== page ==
All in 2016?

Sam 53:39
That’s 2015.

Bill 53:41
Oh, wow. Okay, so you we’re back to work about a year later?

Sam 53:46
It was less than a year I went back to work. I want to say maybe April the 15th of that year.

Bill 53:54
Okay. Did you feel I know that you got back? I know you were in the Did you feel confident? Were there times where you said I don’t know what the hell I’m doing?

Sam 54:06
I was confident about my ability. So that’s the crazy thing. I could look at a blood gas. I knew what the workload I need to do the breathing treatments. If I was intubating patients two weeks after I got back, you know, I was having to prove myself again.

Sam 54:22
And I had no problem with that. But then I had to ask help to get in my locker are calling it all the time or what’s the passcode to this simple little things that I should have been able to remember, were just and they’d say well put in your phone. I said oh behind the password. That makes sense.

Bill 54:43
I was at home recovering on my own because I was good enough to be at home alone after the brain surgery. Probably maybe two or three months after it was still quite warm and because it was quite warm in Melbourne, it was summer, I didn’t want to go for a walk outside, because the heat was really affecting me.

Bill 55:08
So I was allowed to drive at that time, and I would drive to the local shopping mall, park the car, and then walk in the shopping mall was my way of getting exercise. And I did it because it was air conditioned. Try, getting back to the car. Oh my gosh, I often spent many, you know, half an hour or more, walking through the car parks just trying to remember which car park I had parked in, and having no idea and then just walking around in circles trying to find the car. It was like a Seinfeld episode.

Bill 55:45
I mean, it was terrible. But I could do all the things that I needed to do to get there. I could drive I could, you know, walk, I could do some browsing, I could do all those things. And it just as soon as I had to turn my attention to getting back into the car, and no idea where it was not that single inkling of where it was. In fact, if it felt as it felt like it had been stolen.

Bill 56:11
Like that’s how bad it felt it was just terrible. And no matter what I did, It wasn’t getting better quickly. It got better, but it wasn’t getting better quickly. So I know what you mean about being able to do really complex tasks. And then the one thing that’s meant to be well, that appears to be simple, becomes really difficult.

Bill 56:41
I have another friend who was in Melbourne and also had a stroke. And she couldn’t find in her car, the volume button on her radio. So she could do everything else, but had no idea where the volume button was. Even if she was staring at it.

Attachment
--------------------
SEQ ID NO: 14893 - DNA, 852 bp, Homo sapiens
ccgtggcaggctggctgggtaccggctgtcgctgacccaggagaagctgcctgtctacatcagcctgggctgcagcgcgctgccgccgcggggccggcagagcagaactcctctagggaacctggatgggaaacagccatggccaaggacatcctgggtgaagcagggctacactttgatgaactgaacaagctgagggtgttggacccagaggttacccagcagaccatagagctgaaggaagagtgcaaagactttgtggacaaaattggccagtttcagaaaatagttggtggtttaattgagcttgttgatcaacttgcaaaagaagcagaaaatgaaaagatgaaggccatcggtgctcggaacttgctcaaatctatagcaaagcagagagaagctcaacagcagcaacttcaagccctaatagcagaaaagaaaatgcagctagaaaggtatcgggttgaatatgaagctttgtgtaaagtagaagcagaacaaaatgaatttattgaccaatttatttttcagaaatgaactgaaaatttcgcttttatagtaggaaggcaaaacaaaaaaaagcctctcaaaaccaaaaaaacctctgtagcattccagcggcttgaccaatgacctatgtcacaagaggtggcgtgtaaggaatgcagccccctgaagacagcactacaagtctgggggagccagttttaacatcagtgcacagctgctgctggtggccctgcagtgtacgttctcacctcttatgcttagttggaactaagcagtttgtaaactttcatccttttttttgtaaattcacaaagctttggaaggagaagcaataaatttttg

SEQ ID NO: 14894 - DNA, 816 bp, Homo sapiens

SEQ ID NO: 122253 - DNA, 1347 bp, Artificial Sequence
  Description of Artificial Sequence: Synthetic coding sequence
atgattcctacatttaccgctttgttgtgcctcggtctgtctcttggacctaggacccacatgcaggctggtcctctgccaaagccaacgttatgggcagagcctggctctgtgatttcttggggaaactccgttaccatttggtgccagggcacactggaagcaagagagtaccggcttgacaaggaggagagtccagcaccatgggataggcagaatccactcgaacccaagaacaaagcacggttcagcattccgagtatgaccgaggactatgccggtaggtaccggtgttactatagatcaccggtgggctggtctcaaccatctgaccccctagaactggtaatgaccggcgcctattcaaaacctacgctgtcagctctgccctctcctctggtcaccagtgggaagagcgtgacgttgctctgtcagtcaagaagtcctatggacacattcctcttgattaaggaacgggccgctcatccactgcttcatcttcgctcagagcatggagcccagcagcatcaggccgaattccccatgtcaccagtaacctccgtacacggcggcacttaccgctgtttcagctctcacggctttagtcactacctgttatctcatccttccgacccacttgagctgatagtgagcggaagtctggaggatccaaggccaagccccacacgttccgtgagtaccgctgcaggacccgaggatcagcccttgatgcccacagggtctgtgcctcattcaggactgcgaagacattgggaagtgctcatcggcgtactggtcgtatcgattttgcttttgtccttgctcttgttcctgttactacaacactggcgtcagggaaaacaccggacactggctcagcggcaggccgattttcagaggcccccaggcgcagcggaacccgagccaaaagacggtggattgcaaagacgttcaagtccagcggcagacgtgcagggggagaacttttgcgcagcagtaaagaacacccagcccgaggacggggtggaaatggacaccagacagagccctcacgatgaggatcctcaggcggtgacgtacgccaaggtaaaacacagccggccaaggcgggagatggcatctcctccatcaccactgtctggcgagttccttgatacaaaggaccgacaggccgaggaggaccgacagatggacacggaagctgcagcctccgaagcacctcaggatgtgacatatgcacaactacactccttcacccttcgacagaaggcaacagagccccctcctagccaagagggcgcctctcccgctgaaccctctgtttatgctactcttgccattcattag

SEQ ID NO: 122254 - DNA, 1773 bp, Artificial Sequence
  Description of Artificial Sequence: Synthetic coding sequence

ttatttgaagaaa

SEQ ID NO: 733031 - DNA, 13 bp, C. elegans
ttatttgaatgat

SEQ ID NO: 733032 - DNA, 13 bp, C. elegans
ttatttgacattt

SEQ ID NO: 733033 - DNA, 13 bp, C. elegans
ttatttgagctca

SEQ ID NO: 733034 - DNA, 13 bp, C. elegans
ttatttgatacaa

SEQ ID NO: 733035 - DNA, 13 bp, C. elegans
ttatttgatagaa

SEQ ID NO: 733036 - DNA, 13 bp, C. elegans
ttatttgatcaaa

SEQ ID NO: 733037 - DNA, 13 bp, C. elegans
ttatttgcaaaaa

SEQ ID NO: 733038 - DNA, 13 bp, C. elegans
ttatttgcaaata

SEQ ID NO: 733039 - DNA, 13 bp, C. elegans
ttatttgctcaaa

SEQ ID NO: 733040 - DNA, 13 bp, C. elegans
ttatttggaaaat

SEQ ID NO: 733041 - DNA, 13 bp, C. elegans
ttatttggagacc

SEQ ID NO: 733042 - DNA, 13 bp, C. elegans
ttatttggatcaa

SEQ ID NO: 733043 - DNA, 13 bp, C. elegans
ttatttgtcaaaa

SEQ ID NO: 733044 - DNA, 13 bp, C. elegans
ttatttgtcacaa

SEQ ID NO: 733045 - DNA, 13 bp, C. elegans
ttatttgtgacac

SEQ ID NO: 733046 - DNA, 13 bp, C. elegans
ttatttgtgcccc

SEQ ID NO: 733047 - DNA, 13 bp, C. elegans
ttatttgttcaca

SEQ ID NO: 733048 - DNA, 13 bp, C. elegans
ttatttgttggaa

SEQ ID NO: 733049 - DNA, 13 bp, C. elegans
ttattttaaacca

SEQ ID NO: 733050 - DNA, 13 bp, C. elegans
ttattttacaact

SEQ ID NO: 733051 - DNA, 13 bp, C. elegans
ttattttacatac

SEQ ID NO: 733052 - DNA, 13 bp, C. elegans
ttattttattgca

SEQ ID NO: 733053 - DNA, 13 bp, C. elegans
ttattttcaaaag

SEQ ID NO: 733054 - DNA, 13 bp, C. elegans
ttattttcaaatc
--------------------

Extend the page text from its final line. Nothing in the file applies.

Sam 57:03
Wow, whenever I go speak to like groups or families often asked them, because because of my frontal lobe injury, I was real blunt at first. So I was like, so what would you do if you couldn’t wipe your ass or brush your own teeth? I mean, that’s a blunt statement, you know, but it pull somebody into the conversation.

Sam 57:25
Uh, whoa, I’ve never thought about that. I said, that’s two things you do behind closed doors, that’s private. But if you have a stroke, because I’ve talked to a lot of diabetes or CHF a lot of patients and I try to tell them, there’s so many things that can cause a stroke.

Sam 57:44
I said, there is no reset button on a stroke. There’s no Mulligan, you know, we’re not playing golf, and you get to let me pull the ball back here and hit it again. Your life changes from that moment that happens. And you know, I mean, but I would also ask them stuff like, so if I asked you this question.

Sensory Overstimulation


Sam 58:07
If you had a choice of one sensory, what would you pick? Sight? Hearing? Taste? Smell? the feeling of air conditioner. He hit me on top of your head, you know? I said because any too will overstimulate you.

Sam 58:22
So I would get overstimulated. I’m so bad. I had to go to listen to I would drive down the interstate or to work. Listen to meditation music. Because what I listened to all the time and used to go take pictures of rock bands with I could hear things in the music I’ve never heard before. You know? I never heard that high hat.

Bill 58:48
Did you ever get over stimulated while you’re at work and had to take time out and rest? Because that’s a pretty full on environment. There’s noises, there’s really bright lights, there’s a lot of information on the paperwork that you’re reading.

Sam 59:02
Yeah, so I would get overstimulated and then the pseudo bulb effect would kick in. And oh, it would just I’d be I’d have to go hide in a room and catch my composure. It’s embarrassing. I got to where when I go to talk to a stroke group.

Sam 59:19
Because there’s always that one stroke person sitting in a wheelchair that has a frontal lobe that lashes out at you because I’ve, I’ve experienced that and I’ve had to tell him, yeah, I used to be like, you or this person over here that’s sitting in the wheelchair that can’t speak.

Sam 59:35
And I said, you’ll are going to see what my brain injury brings to me, because I’m gonna cry right along with you, as I bring my memories that I can pull back up. I remember myself sitting in that wheelchair. I remember a lot of that stuff. You know, the there’s a big gap of my recovery that didn’t it still don’t come to me to this day.

Sam 59:58